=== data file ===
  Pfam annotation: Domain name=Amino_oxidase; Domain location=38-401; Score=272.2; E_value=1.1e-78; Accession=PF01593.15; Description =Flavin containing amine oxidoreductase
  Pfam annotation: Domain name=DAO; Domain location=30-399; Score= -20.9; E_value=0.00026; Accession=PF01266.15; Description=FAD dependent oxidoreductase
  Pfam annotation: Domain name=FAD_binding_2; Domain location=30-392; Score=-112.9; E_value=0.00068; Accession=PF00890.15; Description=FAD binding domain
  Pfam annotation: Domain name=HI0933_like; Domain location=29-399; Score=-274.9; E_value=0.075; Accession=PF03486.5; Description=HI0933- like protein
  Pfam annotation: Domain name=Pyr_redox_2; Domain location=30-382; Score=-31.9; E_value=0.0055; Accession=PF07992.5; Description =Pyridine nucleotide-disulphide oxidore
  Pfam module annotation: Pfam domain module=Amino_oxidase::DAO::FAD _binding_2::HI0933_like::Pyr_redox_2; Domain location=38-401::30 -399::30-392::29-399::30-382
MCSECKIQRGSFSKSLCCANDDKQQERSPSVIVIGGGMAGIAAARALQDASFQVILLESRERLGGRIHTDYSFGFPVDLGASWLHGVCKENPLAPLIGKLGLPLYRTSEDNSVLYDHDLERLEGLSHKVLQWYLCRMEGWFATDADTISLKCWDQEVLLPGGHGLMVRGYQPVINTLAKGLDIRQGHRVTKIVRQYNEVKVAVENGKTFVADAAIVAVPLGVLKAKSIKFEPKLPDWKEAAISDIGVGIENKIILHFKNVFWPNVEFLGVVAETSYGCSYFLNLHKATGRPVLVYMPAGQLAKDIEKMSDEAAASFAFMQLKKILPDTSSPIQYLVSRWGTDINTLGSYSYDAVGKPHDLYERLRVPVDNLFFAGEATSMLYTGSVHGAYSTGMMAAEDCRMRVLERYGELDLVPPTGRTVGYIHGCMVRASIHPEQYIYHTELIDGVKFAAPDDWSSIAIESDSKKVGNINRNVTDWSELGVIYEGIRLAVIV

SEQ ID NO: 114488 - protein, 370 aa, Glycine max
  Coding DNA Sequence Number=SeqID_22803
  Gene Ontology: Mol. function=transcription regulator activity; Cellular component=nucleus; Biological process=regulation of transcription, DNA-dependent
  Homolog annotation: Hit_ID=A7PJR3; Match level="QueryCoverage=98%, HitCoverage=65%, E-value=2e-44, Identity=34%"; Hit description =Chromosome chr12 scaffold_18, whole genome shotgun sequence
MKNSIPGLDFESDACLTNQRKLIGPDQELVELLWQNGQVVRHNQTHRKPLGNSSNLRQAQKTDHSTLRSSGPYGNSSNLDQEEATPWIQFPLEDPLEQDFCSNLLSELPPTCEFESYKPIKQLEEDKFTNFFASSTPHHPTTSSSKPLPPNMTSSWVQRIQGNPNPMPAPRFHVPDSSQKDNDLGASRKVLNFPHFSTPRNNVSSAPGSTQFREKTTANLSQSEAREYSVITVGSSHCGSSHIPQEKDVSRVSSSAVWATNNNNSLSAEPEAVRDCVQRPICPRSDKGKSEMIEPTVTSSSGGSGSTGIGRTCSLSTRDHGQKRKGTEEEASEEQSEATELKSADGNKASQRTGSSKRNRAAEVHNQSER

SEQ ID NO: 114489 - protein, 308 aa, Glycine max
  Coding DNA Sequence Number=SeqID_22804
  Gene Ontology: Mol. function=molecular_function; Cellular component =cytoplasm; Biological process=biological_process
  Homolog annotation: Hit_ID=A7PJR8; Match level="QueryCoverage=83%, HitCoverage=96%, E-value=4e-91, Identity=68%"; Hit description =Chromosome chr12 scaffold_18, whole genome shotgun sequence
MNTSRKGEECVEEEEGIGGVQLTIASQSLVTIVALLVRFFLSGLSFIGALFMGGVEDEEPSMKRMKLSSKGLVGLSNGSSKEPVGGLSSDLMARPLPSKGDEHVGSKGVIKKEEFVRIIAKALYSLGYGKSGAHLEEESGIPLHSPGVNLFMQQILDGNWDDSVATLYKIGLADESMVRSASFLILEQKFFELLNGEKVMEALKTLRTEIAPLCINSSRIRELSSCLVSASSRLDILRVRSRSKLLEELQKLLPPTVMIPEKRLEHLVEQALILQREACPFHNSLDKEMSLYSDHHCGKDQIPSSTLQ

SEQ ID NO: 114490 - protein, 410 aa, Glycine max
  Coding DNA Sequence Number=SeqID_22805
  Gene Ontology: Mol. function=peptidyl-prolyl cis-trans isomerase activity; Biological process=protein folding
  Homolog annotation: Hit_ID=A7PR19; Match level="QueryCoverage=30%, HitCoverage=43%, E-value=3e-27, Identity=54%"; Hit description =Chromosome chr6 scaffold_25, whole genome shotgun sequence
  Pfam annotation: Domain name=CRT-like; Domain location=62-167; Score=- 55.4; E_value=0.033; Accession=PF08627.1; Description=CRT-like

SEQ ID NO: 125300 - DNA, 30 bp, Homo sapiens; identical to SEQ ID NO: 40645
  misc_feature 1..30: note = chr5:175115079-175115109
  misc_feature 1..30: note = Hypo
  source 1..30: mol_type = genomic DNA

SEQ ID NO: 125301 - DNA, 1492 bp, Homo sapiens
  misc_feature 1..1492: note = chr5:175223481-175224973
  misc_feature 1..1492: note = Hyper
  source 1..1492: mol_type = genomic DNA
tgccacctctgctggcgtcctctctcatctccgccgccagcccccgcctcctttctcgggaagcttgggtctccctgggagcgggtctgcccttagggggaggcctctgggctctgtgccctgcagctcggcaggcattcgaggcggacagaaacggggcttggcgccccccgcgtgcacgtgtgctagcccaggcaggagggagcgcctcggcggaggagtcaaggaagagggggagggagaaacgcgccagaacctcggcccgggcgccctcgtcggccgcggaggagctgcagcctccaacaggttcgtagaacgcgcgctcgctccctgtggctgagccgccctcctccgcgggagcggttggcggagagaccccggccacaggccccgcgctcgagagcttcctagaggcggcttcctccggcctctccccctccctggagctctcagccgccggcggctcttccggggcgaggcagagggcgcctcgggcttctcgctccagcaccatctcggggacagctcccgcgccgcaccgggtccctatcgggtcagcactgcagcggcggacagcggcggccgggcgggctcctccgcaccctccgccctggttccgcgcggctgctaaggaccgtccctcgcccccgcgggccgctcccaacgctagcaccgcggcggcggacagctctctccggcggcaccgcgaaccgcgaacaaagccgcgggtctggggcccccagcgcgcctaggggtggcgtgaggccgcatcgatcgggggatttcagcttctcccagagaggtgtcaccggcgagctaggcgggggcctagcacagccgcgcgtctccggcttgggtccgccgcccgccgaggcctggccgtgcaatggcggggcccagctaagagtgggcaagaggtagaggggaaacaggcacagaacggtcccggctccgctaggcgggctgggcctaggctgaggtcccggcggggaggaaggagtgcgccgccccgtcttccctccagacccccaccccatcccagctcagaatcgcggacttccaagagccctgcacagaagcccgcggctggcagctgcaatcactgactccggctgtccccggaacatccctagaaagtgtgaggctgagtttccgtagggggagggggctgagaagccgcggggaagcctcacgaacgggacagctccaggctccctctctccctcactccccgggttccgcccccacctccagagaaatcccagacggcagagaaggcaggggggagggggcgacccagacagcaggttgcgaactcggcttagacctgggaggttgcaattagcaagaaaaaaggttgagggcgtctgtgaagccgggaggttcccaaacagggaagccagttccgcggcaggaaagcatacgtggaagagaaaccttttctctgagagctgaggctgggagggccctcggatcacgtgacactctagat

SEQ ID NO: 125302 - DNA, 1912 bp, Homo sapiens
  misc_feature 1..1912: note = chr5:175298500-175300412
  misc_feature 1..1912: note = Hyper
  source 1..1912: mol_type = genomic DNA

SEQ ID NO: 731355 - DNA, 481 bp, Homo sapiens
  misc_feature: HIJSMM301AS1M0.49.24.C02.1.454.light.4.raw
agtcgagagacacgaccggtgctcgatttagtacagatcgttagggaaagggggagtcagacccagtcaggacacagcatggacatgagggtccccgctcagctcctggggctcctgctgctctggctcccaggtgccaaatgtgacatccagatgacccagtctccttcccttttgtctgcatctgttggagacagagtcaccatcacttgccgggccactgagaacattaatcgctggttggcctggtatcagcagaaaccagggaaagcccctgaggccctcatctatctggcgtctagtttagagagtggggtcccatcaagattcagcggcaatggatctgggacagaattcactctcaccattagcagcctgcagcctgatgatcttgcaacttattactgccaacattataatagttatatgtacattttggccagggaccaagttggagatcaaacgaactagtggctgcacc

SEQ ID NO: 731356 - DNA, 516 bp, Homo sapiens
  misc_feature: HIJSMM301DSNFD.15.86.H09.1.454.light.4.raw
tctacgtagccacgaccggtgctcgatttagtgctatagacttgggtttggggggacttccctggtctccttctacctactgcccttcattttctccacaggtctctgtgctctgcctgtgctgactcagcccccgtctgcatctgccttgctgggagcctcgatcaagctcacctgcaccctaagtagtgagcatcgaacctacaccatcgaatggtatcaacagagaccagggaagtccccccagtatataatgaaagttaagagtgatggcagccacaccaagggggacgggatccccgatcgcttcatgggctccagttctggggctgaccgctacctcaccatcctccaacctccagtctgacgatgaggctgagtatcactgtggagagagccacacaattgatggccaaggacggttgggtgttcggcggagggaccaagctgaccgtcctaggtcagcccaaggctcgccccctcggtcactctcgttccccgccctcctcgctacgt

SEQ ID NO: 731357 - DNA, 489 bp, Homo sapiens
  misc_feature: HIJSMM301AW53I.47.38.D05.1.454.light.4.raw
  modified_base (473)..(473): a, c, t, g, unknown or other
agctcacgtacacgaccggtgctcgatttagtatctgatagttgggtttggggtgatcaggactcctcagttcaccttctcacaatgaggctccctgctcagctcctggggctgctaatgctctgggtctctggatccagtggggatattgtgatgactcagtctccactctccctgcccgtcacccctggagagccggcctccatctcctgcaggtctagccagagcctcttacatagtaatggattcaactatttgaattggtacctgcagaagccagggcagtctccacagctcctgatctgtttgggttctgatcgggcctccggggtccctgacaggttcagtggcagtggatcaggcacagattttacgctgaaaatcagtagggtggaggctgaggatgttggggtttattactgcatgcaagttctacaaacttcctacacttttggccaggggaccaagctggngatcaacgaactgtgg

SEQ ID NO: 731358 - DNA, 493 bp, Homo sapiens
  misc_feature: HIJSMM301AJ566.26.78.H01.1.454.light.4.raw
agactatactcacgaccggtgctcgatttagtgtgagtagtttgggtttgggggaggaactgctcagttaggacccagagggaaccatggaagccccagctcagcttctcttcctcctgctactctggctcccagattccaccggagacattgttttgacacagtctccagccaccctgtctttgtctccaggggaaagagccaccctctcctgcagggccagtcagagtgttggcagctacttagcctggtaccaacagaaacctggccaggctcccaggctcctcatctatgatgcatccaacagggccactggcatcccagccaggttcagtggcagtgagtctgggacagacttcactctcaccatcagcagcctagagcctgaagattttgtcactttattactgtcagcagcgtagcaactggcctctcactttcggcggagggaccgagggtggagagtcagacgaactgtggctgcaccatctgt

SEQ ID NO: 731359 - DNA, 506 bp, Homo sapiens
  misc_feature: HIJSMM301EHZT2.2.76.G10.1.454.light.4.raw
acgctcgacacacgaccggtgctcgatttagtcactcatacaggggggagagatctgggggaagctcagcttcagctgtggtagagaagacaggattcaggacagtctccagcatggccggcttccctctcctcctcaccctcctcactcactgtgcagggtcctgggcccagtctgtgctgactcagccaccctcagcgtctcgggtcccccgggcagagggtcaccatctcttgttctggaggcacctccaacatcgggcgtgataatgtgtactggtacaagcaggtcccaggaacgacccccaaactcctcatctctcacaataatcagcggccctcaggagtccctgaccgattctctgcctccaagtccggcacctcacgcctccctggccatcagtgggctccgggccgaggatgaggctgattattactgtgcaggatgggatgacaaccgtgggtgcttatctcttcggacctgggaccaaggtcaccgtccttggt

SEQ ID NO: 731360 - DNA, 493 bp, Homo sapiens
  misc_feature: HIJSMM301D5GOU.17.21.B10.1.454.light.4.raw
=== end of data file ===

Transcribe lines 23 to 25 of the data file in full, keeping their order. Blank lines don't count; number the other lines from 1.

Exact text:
SEQ ID NO: 125300 - DNA, 30 bp, Homo sapiens; identical to SEQ ID NO: 40645
  misc_feature 1..30: note = chr5:175115079-175115109
  misc_feature 1..30: note = Hypo